While stakeholder concerns warrant careful consideration, there are abundant studies that have found the long-term benefits for fisheries significantly outweigh the initial costs. In cases where fishing areas are lost from spatial closures of marine protected areas, income from fishing can equal and even surpass pre-designation income in just five years.

3. Why does BC need Marine Protected Areas?

A report on the well-being of small-scale fishers in BC found that fishers were concerned about not having a future in fishing due to a “nexus of species declines, policy changes, and reduced numbers of commercial fishers.” Photo credit: Province of British Columbia on Flickr

A lack of management is the true threat to the longevity of fisheries. In the early 1990s, following decades of lackluster intervention and poor management, the cod fishery in Atlantic Canada collapsed entirely. Due to a growth in the number of trawlers on the Atlantic coast, the cod catch peaked at 810,000 tons in 1968, three times more than the maximum yearly catch before the advent of trawlers.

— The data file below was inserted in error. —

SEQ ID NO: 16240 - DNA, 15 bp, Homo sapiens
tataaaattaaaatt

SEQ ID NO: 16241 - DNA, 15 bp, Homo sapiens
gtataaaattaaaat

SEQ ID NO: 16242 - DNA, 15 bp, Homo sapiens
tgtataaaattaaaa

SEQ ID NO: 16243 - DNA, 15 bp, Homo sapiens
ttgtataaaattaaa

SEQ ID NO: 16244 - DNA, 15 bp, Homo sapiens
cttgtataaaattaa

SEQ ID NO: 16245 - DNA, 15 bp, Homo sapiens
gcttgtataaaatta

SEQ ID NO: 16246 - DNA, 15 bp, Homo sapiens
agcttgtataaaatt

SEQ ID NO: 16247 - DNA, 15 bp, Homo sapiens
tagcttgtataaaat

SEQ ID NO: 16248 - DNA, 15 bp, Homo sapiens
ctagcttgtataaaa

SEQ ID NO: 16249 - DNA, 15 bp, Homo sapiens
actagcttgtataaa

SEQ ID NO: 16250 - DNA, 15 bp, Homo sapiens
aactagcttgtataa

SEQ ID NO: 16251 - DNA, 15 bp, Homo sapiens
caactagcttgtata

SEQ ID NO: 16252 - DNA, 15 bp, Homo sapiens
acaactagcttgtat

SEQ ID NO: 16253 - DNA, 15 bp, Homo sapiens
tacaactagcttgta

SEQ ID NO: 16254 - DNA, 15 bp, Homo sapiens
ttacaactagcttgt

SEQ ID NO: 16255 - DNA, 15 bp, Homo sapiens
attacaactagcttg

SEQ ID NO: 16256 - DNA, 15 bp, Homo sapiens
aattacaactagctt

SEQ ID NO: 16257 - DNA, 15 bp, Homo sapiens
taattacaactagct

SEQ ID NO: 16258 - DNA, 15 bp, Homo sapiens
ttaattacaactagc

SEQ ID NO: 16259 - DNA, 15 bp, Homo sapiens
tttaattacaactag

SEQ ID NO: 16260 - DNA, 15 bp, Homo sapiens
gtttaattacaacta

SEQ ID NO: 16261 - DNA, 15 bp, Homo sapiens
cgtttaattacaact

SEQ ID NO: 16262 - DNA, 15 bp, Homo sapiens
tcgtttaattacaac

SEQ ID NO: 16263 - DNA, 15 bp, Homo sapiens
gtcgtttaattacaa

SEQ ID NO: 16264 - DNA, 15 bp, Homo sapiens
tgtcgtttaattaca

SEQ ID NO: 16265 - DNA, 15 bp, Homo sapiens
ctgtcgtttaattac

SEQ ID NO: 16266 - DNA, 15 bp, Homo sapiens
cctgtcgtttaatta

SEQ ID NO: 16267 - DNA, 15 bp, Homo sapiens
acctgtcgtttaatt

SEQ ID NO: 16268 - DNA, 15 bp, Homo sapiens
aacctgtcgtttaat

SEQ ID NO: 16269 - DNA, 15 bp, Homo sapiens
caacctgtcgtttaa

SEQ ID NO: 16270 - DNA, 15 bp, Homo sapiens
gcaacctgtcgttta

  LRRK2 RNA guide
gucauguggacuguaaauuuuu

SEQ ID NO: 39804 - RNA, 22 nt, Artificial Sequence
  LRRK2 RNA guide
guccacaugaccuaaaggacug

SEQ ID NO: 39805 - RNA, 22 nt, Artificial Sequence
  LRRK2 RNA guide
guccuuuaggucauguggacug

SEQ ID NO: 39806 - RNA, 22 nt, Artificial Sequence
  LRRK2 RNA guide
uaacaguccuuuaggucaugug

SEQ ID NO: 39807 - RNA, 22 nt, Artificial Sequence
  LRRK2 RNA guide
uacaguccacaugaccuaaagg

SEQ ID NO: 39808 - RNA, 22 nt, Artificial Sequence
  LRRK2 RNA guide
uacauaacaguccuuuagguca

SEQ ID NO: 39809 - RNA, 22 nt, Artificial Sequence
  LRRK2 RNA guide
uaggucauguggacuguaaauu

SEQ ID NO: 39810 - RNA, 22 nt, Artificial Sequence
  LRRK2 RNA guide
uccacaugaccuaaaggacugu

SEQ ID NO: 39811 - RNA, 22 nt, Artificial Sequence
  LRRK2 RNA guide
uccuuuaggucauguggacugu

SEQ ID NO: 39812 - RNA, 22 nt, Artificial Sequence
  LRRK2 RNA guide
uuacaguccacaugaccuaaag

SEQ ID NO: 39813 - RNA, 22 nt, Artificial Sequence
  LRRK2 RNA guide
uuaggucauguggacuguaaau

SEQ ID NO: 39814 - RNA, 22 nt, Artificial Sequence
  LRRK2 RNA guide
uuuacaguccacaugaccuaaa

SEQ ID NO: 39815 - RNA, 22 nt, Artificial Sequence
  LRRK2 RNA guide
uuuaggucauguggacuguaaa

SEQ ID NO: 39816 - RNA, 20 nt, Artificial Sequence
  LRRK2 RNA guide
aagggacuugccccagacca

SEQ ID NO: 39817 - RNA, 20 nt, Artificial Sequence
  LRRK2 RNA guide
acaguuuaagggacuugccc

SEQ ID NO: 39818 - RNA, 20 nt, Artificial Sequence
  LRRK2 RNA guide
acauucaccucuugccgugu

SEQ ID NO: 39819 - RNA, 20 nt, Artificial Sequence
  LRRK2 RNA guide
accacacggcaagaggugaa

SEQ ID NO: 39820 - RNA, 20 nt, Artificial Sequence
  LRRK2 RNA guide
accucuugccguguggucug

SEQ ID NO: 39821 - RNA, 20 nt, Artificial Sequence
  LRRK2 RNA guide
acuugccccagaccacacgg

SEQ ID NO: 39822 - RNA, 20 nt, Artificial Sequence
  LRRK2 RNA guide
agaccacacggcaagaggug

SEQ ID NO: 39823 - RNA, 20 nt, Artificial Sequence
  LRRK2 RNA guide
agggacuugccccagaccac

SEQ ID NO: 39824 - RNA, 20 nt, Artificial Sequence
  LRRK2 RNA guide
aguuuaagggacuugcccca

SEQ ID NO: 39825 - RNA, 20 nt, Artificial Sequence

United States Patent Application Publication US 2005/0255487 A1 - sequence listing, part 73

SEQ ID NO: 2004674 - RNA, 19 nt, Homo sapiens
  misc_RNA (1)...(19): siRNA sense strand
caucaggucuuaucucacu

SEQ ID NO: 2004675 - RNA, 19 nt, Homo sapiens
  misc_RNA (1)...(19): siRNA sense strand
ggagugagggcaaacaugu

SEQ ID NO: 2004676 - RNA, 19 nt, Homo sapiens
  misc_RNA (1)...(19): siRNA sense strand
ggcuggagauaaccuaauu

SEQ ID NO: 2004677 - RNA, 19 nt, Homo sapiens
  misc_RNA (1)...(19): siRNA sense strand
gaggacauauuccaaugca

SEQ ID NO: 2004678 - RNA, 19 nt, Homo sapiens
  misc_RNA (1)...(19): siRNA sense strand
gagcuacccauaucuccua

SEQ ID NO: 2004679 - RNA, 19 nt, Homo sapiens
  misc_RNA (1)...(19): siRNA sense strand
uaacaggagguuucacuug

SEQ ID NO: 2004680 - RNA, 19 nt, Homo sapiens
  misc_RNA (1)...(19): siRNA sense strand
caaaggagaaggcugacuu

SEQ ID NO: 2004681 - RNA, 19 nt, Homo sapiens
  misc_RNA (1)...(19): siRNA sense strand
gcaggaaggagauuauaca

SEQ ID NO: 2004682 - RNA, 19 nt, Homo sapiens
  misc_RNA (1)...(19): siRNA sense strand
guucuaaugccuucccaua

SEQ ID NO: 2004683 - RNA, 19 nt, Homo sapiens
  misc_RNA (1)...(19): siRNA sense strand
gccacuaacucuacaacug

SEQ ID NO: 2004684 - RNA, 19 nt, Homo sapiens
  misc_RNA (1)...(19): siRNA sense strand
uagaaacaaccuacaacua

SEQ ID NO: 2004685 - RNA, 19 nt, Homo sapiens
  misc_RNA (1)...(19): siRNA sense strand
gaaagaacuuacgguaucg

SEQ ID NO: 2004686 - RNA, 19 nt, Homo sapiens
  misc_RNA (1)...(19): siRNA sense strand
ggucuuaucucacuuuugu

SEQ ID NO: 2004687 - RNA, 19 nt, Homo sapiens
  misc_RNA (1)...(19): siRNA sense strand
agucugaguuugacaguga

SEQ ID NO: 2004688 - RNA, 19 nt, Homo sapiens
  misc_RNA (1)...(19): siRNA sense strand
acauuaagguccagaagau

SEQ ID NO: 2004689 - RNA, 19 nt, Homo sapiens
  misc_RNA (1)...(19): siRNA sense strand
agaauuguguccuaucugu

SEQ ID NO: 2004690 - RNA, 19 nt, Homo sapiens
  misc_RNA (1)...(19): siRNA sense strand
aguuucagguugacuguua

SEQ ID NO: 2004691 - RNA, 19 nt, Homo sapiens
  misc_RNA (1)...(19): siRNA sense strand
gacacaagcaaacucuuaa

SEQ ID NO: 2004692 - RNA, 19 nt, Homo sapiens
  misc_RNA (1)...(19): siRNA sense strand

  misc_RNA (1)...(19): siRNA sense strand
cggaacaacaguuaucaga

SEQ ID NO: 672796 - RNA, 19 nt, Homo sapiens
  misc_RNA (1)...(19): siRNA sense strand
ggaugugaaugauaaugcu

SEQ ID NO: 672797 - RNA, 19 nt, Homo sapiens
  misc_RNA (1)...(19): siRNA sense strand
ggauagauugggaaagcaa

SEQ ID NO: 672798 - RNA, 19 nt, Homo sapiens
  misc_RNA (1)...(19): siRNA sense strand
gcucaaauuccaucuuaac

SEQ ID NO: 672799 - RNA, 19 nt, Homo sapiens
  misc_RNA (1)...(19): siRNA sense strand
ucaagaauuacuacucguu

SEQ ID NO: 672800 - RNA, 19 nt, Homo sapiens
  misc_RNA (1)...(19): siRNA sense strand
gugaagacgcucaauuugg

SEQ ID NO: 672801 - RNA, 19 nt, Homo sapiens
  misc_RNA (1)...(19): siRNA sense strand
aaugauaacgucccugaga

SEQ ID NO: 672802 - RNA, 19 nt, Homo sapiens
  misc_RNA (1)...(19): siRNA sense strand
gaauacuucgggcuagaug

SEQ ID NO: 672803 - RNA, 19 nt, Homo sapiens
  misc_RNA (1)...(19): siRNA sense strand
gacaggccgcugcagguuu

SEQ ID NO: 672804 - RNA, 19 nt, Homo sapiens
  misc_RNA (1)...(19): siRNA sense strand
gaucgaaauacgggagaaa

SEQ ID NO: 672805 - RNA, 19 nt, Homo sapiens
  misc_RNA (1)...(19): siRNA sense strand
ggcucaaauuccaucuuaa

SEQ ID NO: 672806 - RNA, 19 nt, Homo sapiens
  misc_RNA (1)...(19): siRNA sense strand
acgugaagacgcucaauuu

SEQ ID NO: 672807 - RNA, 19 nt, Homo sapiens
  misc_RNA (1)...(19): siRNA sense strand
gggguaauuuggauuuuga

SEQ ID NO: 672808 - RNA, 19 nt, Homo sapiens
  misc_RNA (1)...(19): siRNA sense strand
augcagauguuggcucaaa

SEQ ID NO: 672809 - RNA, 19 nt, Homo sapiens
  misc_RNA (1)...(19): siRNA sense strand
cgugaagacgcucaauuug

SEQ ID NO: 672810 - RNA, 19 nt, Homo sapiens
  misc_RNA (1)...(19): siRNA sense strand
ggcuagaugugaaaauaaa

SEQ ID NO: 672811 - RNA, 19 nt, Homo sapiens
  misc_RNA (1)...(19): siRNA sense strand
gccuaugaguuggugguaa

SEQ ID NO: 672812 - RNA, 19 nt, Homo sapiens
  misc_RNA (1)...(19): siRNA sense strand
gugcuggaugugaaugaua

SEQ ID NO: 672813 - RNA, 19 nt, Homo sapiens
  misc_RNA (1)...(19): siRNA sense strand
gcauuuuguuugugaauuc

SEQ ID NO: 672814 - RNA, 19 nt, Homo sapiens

But even after the government responded by banning foreign trawlers, they still overestimated the total supply and did not limit the total allowable catch enough. Canadian and American trawlers simply took the place of foreign trawlers, and soon enough, the industry collapsed completely.

Local Atlantic fishers had been complaining to the government about the increase in the number of trawlers on their coast since the 60s. Yet, the government’s response was never enough. Image credit: Lamiot on Wikimedia Commons